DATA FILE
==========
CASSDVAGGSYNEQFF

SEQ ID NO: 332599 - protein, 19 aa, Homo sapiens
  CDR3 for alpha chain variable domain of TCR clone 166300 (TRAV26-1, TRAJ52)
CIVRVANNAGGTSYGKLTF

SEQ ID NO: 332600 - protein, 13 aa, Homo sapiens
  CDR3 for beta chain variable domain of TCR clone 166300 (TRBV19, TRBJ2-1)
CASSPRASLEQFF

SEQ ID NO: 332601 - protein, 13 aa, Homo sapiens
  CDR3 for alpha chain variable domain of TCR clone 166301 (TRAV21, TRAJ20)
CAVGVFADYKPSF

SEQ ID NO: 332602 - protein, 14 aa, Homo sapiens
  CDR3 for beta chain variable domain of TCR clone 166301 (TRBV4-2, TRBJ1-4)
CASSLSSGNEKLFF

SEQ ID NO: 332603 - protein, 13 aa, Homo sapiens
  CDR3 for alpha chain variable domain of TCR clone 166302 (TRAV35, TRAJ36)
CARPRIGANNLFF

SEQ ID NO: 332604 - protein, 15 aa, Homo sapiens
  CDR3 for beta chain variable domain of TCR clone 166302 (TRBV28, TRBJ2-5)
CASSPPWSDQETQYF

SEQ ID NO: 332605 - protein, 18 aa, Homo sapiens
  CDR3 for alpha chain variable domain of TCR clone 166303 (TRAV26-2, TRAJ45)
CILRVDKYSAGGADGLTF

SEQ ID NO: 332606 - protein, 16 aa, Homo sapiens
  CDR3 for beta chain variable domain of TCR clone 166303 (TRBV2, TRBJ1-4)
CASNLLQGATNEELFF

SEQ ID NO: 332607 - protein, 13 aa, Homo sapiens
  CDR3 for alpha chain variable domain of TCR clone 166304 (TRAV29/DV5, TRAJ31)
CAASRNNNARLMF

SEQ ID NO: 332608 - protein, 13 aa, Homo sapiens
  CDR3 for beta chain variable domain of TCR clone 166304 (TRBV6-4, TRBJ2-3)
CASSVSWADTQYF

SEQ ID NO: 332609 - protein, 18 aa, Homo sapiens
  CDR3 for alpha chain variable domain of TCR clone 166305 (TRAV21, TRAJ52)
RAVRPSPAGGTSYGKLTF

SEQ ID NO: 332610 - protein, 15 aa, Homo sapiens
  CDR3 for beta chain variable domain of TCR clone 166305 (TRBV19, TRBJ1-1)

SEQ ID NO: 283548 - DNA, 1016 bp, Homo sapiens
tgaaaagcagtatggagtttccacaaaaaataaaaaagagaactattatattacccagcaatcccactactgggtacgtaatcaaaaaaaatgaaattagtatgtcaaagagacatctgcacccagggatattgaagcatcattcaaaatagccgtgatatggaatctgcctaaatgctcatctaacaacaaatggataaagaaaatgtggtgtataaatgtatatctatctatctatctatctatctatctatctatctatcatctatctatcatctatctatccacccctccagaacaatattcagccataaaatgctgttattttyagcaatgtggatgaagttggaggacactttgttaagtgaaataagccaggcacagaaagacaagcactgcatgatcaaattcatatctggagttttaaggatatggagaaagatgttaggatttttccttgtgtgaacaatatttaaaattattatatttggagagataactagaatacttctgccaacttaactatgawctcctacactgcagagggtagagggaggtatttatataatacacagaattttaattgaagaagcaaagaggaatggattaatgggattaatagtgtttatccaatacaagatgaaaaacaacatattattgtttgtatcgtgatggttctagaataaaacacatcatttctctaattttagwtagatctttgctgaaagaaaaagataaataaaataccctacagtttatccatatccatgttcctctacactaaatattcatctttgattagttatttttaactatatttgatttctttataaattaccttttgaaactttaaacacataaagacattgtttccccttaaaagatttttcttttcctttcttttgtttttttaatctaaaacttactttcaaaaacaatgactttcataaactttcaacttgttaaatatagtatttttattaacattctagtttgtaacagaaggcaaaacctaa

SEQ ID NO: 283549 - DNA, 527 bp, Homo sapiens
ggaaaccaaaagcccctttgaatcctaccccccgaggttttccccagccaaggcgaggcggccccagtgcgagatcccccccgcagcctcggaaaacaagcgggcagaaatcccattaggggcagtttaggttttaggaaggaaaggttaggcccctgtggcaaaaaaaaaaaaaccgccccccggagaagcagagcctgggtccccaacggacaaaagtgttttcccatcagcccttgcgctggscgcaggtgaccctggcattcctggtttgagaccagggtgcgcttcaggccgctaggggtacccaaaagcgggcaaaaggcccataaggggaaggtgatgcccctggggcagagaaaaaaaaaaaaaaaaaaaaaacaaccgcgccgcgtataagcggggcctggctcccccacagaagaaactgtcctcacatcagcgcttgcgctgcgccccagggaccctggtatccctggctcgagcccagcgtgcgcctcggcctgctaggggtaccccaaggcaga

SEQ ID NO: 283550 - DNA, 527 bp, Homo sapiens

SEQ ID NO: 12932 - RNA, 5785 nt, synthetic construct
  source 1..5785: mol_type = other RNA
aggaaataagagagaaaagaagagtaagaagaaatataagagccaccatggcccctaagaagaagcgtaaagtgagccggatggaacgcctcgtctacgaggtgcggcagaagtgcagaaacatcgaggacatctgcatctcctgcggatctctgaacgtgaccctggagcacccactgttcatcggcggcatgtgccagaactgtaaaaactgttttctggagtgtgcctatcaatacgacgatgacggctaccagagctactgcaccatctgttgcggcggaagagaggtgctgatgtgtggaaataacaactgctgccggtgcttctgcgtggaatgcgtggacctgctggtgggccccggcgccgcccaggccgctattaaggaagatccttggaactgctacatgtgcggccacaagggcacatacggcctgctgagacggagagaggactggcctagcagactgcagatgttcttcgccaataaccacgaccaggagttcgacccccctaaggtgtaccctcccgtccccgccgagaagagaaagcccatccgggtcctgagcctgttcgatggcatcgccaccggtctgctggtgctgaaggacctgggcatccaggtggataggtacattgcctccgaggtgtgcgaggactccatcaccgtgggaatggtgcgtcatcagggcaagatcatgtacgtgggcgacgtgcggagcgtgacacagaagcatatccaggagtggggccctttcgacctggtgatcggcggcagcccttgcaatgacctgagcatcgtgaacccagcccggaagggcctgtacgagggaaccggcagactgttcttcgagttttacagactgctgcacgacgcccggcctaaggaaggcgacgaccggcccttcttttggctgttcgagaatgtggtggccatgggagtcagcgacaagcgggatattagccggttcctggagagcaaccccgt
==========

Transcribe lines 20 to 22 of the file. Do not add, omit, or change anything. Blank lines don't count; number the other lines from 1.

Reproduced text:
SEQ ID NO: 332605 - protein, 18 aa, Homo sapiens
  CDR3 for alpha chain variable domain of TCR clone 166303 (TRAV26-2, TRAJ45)
CILRVDKYSAGGADGLTF